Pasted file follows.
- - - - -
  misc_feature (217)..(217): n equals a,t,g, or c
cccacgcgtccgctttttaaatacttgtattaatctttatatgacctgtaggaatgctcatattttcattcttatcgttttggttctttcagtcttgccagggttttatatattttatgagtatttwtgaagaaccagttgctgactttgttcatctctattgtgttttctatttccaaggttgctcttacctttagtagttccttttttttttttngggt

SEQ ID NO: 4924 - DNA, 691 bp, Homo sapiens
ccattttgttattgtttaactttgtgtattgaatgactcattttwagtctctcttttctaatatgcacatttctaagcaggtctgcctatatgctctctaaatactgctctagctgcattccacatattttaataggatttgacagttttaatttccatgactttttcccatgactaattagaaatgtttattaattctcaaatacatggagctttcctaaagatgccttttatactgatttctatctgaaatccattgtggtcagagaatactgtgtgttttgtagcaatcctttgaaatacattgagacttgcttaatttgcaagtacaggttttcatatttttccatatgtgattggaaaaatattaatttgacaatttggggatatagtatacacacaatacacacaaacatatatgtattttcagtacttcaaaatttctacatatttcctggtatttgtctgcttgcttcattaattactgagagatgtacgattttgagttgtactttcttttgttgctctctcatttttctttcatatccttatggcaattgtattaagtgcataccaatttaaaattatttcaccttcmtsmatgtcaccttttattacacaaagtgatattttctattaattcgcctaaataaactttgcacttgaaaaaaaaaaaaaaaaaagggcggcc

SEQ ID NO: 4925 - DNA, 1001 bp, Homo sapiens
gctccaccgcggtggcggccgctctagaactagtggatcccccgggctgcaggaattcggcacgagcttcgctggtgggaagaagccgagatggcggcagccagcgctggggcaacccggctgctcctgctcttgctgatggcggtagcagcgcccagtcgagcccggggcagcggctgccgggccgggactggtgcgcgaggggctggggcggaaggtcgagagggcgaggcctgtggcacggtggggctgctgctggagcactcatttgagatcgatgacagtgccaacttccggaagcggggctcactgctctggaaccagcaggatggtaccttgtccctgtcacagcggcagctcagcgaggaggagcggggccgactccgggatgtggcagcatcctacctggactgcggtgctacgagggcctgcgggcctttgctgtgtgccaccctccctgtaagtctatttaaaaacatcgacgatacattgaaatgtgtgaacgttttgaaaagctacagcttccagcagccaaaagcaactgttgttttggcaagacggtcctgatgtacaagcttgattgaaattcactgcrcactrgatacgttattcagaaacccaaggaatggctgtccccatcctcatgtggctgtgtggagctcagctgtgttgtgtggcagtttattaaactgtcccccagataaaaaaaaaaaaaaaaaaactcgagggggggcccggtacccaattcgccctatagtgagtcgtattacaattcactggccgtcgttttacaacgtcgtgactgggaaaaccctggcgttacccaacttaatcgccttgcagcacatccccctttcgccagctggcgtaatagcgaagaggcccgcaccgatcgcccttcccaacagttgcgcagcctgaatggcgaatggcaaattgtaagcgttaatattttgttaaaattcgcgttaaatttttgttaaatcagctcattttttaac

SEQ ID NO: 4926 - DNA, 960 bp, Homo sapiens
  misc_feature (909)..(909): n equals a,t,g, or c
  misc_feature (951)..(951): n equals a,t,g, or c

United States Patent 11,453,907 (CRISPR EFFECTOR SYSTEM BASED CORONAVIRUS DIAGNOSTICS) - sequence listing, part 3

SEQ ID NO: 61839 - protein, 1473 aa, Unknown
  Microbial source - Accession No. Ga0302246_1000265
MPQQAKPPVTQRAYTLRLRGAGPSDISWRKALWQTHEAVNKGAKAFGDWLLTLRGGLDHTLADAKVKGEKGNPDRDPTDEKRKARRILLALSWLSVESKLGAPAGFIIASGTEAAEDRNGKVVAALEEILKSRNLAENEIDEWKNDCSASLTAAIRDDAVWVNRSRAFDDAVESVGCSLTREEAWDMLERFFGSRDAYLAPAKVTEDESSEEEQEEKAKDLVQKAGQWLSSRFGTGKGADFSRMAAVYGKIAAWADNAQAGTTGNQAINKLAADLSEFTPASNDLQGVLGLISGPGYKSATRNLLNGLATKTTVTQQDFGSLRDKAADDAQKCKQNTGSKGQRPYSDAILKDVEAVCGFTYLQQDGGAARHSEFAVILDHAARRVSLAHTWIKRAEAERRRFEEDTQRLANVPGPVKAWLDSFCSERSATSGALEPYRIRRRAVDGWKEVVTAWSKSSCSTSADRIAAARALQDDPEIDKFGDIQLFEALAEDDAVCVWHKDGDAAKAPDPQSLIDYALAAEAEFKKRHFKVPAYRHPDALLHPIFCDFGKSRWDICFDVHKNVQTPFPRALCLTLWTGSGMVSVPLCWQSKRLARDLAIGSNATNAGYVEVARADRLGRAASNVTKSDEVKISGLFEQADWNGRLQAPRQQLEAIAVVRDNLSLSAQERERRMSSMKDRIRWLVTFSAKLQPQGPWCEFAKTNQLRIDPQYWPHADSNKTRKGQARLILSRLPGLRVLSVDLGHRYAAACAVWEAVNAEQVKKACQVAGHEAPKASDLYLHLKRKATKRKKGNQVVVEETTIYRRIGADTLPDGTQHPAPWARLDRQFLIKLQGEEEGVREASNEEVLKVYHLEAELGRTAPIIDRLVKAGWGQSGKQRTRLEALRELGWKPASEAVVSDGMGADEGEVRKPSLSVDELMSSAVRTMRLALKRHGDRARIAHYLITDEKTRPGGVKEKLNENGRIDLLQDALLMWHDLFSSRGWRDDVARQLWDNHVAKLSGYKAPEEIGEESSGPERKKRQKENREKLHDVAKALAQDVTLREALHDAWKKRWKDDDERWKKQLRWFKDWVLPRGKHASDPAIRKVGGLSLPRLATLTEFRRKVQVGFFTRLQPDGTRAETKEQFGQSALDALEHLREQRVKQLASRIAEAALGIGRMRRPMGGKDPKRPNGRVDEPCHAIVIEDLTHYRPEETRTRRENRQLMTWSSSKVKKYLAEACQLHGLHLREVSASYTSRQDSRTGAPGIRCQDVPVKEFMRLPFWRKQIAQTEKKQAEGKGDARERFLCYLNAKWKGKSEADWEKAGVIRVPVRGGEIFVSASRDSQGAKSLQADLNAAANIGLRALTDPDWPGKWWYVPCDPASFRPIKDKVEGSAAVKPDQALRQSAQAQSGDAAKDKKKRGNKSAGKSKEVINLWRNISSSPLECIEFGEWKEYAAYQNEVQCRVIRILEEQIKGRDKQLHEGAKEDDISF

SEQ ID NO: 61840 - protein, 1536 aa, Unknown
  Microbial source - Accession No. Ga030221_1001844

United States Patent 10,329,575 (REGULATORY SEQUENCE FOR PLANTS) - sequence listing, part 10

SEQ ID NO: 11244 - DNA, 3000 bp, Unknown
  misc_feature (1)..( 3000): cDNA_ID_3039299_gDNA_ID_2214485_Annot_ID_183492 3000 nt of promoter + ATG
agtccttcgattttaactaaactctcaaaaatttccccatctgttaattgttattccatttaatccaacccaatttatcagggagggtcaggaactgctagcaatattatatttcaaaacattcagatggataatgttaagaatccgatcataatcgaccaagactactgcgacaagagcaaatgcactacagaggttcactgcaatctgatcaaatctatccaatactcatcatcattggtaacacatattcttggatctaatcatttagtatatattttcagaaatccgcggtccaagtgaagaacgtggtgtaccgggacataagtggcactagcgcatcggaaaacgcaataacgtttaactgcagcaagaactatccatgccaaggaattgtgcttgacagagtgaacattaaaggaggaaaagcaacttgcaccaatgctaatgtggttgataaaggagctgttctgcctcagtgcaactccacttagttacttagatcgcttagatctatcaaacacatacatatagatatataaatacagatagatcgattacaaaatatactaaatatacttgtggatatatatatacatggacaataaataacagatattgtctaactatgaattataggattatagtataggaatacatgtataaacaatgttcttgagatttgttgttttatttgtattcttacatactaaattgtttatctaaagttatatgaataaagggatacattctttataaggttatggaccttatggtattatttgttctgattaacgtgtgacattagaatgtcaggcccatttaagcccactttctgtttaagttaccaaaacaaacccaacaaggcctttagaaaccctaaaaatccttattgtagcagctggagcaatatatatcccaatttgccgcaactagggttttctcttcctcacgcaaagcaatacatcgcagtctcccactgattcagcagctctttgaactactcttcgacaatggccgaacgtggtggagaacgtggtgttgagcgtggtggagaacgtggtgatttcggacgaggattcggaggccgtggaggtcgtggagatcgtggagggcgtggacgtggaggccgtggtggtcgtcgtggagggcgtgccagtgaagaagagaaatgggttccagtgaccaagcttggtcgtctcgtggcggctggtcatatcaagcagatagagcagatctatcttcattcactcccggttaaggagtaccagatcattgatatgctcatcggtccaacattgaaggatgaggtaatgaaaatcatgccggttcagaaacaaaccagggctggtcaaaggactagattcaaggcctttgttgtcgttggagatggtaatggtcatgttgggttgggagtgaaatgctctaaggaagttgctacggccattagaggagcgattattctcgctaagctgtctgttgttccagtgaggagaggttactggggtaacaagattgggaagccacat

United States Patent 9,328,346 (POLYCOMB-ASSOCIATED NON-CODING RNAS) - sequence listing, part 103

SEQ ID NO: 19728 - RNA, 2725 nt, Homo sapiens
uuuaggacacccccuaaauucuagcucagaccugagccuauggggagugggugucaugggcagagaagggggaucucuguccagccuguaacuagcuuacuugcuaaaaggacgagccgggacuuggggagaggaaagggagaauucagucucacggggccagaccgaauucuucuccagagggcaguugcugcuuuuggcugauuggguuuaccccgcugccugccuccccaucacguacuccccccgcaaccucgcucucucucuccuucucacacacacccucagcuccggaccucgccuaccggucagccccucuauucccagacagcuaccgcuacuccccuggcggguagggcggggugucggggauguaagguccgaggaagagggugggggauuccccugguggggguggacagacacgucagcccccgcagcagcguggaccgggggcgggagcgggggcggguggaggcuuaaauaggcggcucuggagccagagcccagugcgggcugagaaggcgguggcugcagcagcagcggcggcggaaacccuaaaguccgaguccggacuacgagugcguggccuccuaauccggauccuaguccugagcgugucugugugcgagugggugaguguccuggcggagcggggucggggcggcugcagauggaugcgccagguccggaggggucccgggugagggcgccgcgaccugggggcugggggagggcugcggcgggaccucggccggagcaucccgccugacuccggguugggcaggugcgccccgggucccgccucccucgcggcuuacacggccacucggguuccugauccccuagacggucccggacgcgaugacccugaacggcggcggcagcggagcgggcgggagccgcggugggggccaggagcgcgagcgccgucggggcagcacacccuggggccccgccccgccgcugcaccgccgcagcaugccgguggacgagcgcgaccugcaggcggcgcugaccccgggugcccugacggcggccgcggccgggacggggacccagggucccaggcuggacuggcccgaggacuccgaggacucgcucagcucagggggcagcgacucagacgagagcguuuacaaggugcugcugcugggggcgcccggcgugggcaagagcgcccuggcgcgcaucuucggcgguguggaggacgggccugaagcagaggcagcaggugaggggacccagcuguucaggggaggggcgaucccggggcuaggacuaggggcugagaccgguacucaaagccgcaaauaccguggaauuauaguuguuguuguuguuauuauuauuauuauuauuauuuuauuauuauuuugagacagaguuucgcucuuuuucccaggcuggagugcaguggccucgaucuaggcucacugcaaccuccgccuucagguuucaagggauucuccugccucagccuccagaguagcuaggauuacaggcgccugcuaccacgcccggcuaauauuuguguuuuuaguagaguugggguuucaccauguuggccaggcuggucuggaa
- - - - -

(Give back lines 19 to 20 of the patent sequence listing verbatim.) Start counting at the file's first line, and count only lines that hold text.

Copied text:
agtccttcgattttaactaaactctcaaaaatttccccatctgttaattgttattccatttaatccaacccaatttatcagggagggtcaggaactgctagcaatattatatttcaaaacattcagatggataatgttaagaatccgatcataatcgaccaagactactgcgacaagagcaaatgcactacagaggttcactgcaatctgatcaaatctatccaatactcatcatcattggtaacacatattcttggatctaatcatttagtatatattttcagaaatccgcggtccaagtgaagaacgtggtgtaccgggacataagtggcactagcgcatcggaaaacgcaataacgtttaactgcagcaagaactatccatgccaaggaattgtgcttgacagagtgaacattaaaggaggaaaagcaacttgcaccaatgctaatgtggttgataaaggagctgttctgcctcagtgcaactccacttagttacttagatcgcttagatctatcaaacacatacatatagatatataaatacagatagatcgattacaaaatatactaaatatacttgtggatatatatatacatggacaataaataacagatattgtctaactatgaattataggattatagtataggaatacatgtataaacaatgttcttgagatttgttgttttatttgtattcttacatactaaattgtttatctaaagttatatgaataaagggatacattctttataaggttatggaccttatggtattatttgttctgattaacgtgtgacattagaatgtcaggcccatttaagcccactttctgtttaagttaccaaaacaaacccaacaaggcctttagaaaccctaaaaatccttattgtagcagctggagcaatatatatcccaatttgccgcaactagggttttctcttcctcacgcaaagcaatacatcgcagtctcccactgattcagcagctctttgaactactcttcgacaatggccgaacgtggtggagaacgtggtgttgagcgtggtggagaacgtggtgatttcggacgaggattcggaggccgtggaggtcgtggagatcgtggagggcgtggacgtggaggccgtggtggtcgtcgtggagggcgtgccagtgaagaagagaaatgggttccagtgaccaagcttggtcgtctcgtggcggctggtcatatcaagcagatagagcagatctatcttcattcactcccggttaaggagtaccagatcattgatatgctcatcggtccaacattgaaggatgaggtaatgaaaatcatgccggttcagaaacaaaccagggctggtcaaaggactagattcaaggcctttgttgtcgttggagatggtaatggtcatgttgggttgggagtgaaatgctctaaggaagttgctacggccattagaggagcgattattctcgctaagctgtctgttgttccagtgaggagaggttactggggtaacaagattgggaagccacat

United States Patent 9,328,346 (POLYCOMB-ASSOCIATED NON-CODING RNAS) - sequence listing, part 103